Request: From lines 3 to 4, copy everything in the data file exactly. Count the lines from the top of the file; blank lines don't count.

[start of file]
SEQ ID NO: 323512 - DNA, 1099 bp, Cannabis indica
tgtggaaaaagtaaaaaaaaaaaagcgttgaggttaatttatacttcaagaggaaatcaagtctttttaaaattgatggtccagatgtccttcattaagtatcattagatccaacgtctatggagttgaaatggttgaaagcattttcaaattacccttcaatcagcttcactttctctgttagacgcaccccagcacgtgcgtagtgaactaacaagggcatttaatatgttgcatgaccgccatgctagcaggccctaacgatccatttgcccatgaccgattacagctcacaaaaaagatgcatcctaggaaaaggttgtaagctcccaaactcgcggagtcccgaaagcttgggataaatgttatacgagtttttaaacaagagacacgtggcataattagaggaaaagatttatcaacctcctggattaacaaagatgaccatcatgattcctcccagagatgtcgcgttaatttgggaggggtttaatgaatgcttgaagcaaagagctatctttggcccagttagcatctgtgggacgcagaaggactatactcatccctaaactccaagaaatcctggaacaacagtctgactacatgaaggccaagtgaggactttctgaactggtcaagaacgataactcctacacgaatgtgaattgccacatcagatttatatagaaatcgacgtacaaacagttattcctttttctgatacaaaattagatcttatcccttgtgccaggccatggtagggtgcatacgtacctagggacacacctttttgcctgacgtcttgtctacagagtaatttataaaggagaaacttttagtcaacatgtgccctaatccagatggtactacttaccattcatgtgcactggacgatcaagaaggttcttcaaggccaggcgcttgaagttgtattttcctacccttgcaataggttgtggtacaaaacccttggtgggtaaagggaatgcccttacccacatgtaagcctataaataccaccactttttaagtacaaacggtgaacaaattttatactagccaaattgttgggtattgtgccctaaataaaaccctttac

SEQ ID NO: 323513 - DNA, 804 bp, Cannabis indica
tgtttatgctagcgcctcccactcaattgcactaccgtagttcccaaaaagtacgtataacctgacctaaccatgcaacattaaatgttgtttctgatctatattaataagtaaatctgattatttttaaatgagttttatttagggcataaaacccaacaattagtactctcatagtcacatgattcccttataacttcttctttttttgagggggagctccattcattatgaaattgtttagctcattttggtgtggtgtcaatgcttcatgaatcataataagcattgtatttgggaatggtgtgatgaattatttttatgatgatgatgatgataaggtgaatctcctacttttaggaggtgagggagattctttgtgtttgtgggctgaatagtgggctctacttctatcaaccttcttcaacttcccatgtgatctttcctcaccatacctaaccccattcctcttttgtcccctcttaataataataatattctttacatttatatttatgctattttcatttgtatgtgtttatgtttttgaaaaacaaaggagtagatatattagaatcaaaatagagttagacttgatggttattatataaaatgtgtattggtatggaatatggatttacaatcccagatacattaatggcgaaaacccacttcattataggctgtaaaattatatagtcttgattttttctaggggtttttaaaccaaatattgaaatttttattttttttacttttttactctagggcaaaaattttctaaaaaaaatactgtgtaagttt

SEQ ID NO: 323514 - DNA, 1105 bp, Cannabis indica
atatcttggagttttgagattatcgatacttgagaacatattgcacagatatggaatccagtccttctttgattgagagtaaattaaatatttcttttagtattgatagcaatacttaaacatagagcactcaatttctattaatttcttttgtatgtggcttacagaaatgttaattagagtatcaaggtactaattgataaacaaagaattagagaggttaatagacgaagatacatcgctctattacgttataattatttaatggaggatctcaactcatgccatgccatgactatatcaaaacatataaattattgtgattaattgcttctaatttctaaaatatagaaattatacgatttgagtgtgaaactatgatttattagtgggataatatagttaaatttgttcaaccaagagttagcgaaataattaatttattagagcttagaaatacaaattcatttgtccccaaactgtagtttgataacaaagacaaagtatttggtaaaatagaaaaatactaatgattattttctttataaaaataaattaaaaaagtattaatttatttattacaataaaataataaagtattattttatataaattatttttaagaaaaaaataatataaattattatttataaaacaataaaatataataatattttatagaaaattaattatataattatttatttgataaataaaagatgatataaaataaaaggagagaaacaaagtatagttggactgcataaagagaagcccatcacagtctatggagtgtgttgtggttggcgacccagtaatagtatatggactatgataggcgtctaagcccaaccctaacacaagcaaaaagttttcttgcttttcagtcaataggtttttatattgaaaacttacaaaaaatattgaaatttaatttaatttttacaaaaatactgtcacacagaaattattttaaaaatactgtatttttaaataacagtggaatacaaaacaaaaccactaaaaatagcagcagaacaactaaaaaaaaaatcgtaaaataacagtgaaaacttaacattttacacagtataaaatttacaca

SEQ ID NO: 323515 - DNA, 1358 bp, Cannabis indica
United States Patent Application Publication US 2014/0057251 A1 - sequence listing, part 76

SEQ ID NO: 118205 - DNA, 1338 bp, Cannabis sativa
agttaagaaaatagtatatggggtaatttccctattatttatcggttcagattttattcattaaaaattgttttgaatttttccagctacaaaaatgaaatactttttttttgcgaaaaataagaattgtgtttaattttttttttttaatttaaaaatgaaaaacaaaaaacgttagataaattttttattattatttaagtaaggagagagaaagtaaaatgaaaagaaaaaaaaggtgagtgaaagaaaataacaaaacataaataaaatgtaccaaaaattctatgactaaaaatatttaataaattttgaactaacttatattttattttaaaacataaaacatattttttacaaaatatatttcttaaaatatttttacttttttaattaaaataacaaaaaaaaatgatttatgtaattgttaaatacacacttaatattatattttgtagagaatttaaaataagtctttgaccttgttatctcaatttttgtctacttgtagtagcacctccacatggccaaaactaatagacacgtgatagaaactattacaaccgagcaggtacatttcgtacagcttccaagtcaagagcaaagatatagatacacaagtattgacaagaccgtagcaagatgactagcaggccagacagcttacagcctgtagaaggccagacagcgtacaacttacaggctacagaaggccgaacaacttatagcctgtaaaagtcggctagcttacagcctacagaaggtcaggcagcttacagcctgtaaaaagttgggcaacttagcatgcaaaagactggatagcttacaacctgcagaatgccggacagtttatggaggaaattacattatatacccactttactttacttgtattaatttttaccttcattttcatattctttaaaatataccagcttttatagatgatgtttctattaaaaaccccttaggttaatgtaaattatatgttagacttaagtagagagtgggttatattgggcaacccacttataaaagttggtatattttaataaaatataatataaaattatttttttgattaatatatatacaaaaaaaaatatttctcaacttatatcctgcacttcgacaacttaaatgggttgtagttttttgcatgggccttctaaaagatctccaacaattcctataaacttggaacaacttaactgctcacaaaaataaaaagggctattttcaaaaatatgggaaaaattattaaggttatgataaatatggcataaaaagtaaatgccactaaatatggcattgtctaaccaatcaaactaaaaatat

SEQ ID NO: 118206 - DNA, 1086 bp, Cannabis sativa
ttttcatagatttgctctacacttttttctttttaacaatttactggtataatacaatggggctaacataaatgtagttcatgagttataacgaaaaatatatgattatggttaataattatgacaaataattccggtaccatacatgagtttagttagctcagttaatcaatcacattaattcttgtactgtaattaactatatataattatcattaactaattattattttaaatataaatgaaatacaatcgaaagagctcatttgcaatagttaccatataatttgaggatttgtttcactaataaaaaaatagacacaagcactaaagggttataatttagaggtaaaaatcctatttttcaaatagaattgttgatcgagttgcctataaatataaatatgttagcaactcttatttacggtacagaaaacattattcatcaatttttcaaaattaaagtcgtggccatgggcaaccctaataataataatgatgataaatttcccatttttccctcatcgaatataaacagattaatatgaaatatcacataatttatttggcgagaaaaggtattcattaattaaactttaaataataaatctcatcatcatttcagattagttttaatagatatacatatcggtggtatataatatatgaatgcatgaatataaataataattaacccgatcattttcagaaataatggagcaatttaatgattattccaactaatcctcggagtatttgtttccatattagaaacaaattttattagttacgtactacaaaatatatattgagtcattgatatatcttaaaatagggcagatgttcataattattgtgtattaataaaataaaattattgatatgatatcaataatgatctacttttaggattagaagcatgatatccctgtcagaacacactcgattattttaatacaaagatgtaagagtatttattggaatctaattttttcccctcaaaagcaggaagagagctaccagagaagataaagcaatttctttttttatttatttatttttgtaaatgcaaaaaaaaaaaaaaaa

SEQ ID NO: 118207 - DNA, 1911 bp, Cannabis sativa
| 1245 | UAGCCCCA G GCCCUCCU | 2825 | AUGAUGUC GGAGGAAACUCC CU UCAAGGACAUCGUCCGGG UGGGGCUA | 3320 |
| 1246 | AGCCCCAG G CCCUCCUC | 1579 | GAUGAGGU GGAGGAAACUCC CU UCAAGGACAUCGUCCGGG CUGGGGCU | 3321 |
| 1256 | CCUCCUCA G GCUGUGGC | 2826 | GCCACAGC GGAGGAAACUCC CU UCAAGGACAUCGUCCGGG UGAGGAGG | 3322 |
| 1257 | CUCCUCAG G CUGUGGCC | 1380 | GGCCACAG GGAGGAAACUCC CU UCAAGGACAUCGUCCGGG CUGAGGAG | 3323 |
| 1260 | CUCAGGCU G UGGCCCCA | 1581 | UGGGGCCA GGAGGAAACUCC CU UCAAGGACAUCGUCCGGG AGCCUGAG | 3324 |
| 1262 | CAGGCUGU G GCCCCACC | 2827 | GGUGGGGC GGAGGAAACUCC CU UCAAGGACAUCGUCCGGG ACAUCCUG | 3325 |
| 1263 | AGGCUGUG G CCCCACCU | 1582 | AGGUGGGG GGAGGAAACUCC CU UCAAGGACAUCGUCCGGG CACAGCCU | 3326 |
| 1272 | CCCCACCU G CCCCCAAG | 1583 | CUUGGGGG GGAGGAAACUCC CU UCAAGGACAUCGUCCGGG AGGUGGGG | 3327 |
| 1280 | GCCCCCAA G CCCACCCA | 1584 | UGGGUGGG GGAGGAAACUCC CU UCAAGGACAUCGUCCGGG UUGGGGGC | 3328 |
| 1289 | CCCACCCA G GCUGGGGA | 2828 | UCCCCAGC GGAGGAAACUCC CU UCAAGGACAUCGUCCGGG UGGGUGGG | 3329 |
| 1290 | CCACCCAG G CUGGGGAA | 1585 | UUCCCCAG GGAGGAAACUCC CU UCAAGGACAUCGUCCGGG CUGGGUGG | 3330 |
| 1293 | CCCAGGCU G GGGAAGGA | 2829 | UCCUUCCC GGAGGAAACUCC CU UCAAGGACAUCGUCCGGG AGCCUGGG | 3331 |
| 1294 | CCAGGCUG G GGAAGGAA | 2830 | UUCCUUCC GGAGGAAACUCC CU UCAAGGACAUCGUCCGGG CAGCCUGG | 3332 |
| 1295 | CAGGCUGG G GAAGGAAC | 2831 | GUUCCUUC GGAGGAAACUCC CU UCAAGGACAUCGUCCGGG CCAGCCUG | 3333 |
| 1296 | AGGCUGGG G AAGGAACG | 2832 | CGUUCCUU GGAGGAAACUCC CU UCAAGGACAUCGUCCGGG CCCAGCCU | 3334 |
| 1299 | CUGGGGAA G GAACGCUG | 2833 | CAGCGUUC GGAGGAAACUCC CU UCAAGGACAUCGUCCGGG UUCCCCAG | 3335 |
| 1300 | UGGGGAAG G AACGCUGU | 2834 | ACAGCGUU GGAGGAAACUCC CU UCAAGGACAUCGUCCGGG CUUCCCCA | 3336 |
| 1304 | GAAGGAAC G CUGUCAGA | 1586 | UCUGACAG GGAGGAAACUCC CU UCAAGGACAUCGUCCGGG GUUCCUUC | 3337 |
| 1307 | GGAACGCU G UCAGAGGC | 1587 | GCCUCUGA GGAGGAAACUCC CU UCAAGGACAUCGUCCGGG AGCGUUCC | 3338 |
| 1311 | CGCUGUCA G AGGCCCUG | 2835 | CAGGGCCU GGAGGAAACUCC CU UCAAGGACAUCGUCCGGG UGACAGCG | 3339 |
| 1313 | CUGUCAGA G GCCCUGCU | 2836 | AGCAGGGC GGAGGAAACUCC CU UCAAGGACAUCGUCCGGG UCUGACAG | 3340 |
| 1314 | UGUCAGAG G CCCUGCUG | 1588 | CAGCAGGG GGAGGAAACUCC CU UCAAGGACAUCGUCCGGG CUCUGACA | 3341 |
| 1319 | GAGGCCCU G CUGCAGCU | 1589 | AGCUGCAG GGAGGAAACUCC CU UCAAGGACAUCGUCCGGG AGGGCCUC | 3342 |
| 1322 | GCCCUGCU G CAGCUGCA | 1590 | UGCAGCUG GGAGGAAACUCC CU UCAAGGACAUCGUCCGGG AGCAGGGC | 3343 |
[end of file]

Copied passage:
SEQ ID NO: 323513 - DNA, 804 bp, Cannabis indica
tgtttatgctagcgcctcccactcaattgcactaccgtagttcccaaaaagtacgtataacctgacctaaccatgcaacattaaatgttgtttctgatctatattaataagtaaatctgattatttttaaatgagttttatttagggcataaaacccaacaattagtactctcatagtcacatgattcccttataacttcttctttttttgagggggagctccattcattatgaaattgtttagctcattttggtgtggtgtcaatgcttcatgaatcataataagcattgtatttgggaatggtgtgatgaattatttttatgatgatgatgatgataaggtgaatctcctacttttaggaggtgagggagattctttgtgtttgtgggctgaatagtgggctctacttctatcaaccttcttcaacttcccatgtgatctttcctcaccatacctaaccccattcctcttttgtcccctcttaataataataatattctttacatttatatttatgctattttcatttgtatgtgtttatgtttttgaaaaacaaaggagtagatatattagaatcaaaatagagttagacttgatggttattatataaaatgtgtattggtatggaatatggatttacaatcccagatacattaatggcgaaaacccacttcattataggctgtaaaattatatagtcttgattttttctaggggtttttaaaccaaatattgaaatttttattttttttacttttttactctagggcaaaaattttctaaaaaaaatactgtgtaagttt